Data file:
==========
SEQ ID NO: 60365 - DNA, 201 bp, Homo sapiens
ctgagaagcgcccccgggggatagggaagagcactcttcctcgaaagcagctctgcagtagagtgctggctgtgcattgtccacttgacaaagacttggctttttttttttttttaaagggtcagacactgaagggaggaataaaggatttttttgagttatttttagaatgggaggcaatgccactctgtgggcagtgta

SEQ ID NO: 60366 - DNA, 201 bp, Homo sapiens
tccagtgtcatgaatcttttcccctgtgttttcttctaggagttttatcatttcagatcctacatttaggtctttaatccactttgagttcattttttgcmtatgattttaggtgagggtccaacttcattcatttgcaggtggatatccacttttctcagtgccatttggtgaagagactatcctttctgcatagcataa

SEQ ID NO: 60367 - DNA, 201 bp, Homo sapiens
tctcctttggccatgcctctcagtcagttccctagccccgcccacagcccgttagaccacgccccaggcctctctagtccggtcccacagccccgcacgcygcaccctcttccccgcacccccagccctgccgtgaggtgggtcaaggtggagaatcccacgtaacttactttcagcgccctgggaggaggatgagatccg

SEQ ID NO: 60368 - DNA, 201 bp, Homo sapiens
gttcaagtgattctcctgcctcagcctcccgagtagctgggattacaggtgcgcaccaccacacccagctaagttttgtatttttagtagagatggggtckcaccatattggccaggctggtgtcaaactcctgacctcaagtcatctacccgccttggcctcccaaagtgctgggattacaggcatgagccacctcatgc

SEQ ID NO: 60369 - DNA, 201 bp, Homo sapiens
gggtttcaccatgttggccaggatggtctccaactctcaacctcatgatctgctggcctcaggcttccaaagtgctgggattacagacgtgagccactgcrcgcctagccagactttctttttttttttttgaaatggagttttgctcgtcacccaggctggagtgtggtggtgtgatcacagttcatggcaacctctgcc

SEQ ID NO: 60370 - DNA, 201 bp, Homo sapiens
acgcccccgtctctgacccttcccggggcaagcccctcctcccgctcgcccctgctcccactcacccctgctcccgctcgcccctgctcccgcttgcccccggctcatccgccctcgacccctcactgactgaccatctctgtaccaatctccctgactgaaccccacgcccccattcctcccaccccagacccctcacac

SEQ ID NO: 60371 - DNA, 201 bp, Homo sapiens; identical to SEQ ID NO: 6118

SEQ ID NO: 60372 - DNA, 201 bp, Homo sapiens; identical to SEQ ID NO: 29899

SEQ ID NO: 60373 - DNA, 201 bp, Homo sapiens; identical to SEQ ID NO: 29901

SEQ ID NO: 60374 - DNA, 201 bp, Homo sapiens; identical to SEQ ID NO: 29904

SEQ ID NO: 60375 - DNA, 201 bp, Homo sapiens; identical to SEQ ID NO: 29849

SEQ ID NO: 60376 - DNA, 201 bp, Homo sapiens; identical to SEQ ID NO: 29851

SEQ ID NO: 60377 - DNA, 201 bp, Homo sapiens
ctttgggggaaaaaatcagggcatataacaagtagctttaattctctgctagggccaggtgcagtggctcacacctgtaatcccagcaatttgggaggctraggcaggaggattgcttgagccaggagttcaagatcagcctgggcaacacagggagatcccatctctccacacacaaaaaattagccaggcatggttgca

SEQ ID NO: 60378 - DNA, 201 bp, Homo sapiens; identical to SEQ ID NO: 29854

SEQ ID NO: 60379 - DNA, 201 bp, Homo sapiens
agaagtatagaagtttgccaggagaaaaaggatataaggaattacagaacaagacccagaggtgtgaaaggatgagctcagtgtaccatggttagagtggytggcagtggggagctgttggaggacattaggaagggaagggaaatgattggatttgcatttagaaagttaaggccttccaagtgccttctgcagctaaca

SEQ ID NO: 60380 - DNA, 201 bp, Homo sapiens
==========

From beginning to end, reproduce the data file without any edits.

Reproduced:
SEQ ID NO: 60365 - DNA, 201 bp, Homo sapiens
ctgagaagcgcccccgggggatagggaagagcactcttcctcgaaagcagctctgcagtagagtgctggctgtgcattgtccacttgacaaagacttggctttttttttttttttaaagggtcagacactgaagggaggaataaaggatttttttgagttatttttagaatgggaggcaatgccactctgtgggcagtgta

SEQ ID NO: 60366 - DNA, 201 bp, Homo sapiens
tccagtgtcatgaatcttttcccctgtgttttcttctaggagttttatcatttcagatcctacatttaggtctttaatccactttgagttcattttttgcmtatgattttaggtgagggtccaacttcattcatttgcaggtggatatccacttttctcagtgccatttggtgaagagactatcctttctgcatagcataa

SEQ ID NO: 60367 - DNA, 201 bp, Homo sapiens
tctcctttggccatgcctctcagtcagttccctagccccgcccacagcccgttagaccacgccccaggcctctctagtccggtcccacagccccgcacgcygcaccctcttccccgcacccccagccctgccgtgaggtgggtcaaggtggagaatcccacgtaacttactttcagcgccctgggaggaggatgagatccg

SEQ ID NO: 60368 - DNA, 201 bp, Homo sapiens
gttcaagtgattctcctgcctcagcctcccgagtagctgggattacaggtgcgcaccaccacacccagctaagttttgtatttttagtagagatggggtckcaccatattggccaggctggtgtcaaactcctgacctcaagtcatctacccgccttggcctcccaaagtgctgggattacaggcatgagccacctcatgc

SEQ ID NO: 60369 - DNA, 201 bp, Homo sapiens
gggtttcaccatgttggccaggatggtctccaactctcaacctcatgatctgctggcctcaggcttccaaagtgctgggattacagacgtgagccactgcrcgcctagccagactttctttttttttttttgaaatggagttttgctcgtcacccaggctggagtgtggtggtgtgatcacagttcatggcaacctctgcc

SEQ ID NO: 60370 - DNA, 201 bp, Homo sapiens
acgcccccgtctctgacccttcccggggcaagcccctcctcccgctcgcccctgctcccactcacccctgctcccgctcgcccctgctcccgcttgcccccggctcatccgccctcgacccctcactgactgaccatctctgtaccaatctccctgactgaaccccacgcccccattcctcccaccccagacccctcacac

SEQ ID NO: 60371 - DNA, 201 bp, Homo sapiens; identical to SEQ ID NO: 6118

SEQ ID NO: 60372 - DNA, 201 bp, Homo sapiens; identical to SEQ ID NO: 29899

SEQ ID NO: 60373 - DNA, 201 bp, Homo sapiens; identical to SEQ ID NO: 29901

SEQ ID NO: 60374 - DNA, 201 bp, Homo sapiens; identical to SEQ ID NO: 29904

SEQ ID NO: 60375 - DNA, 201 bp, Homo sapiens; identical to SEQ ID NO: 29849

SEQ ID NO: 60376 - DNA, 201 bp, Homo sapiens; identical to SEQ ID NO: 29851

SEQ ID NO: 60377 - DNA, 201 bp, Homo sapiens
ctttgggggaaaaaatcagggcatataacaagtagctttaattctctgctagggccaggtgcagtggctcacacctgtaatcccagcaatttgggaggctraggcaggaggattgcttgagccaggagttcaagatcagcctgggcaacacagggagatcccatctctccacacacaaaaaattagccaggcatggttgca

SEQ ID NO: 60378 - DNA, 201 bp, Homo sapiens; identical to SEQ ID NO: 29854

SEQ ID NO: 60379 - DNA, 201 bp, Homo sapiens
agaagtatagaagtttgccaggagaaaaaggatataaggaattacagaacaagacccagaggtgtgaaaggatgagctcagtgtaccatggttagagtggytggcagtggggagctgttggaggacattaggaagggaagggaaatgattggatttgcatttagaaagttaaggccttccaagtgccttctgcagctaaca

SEQ ID NO: 60380 - DNA, 201 bp, Homo sapiens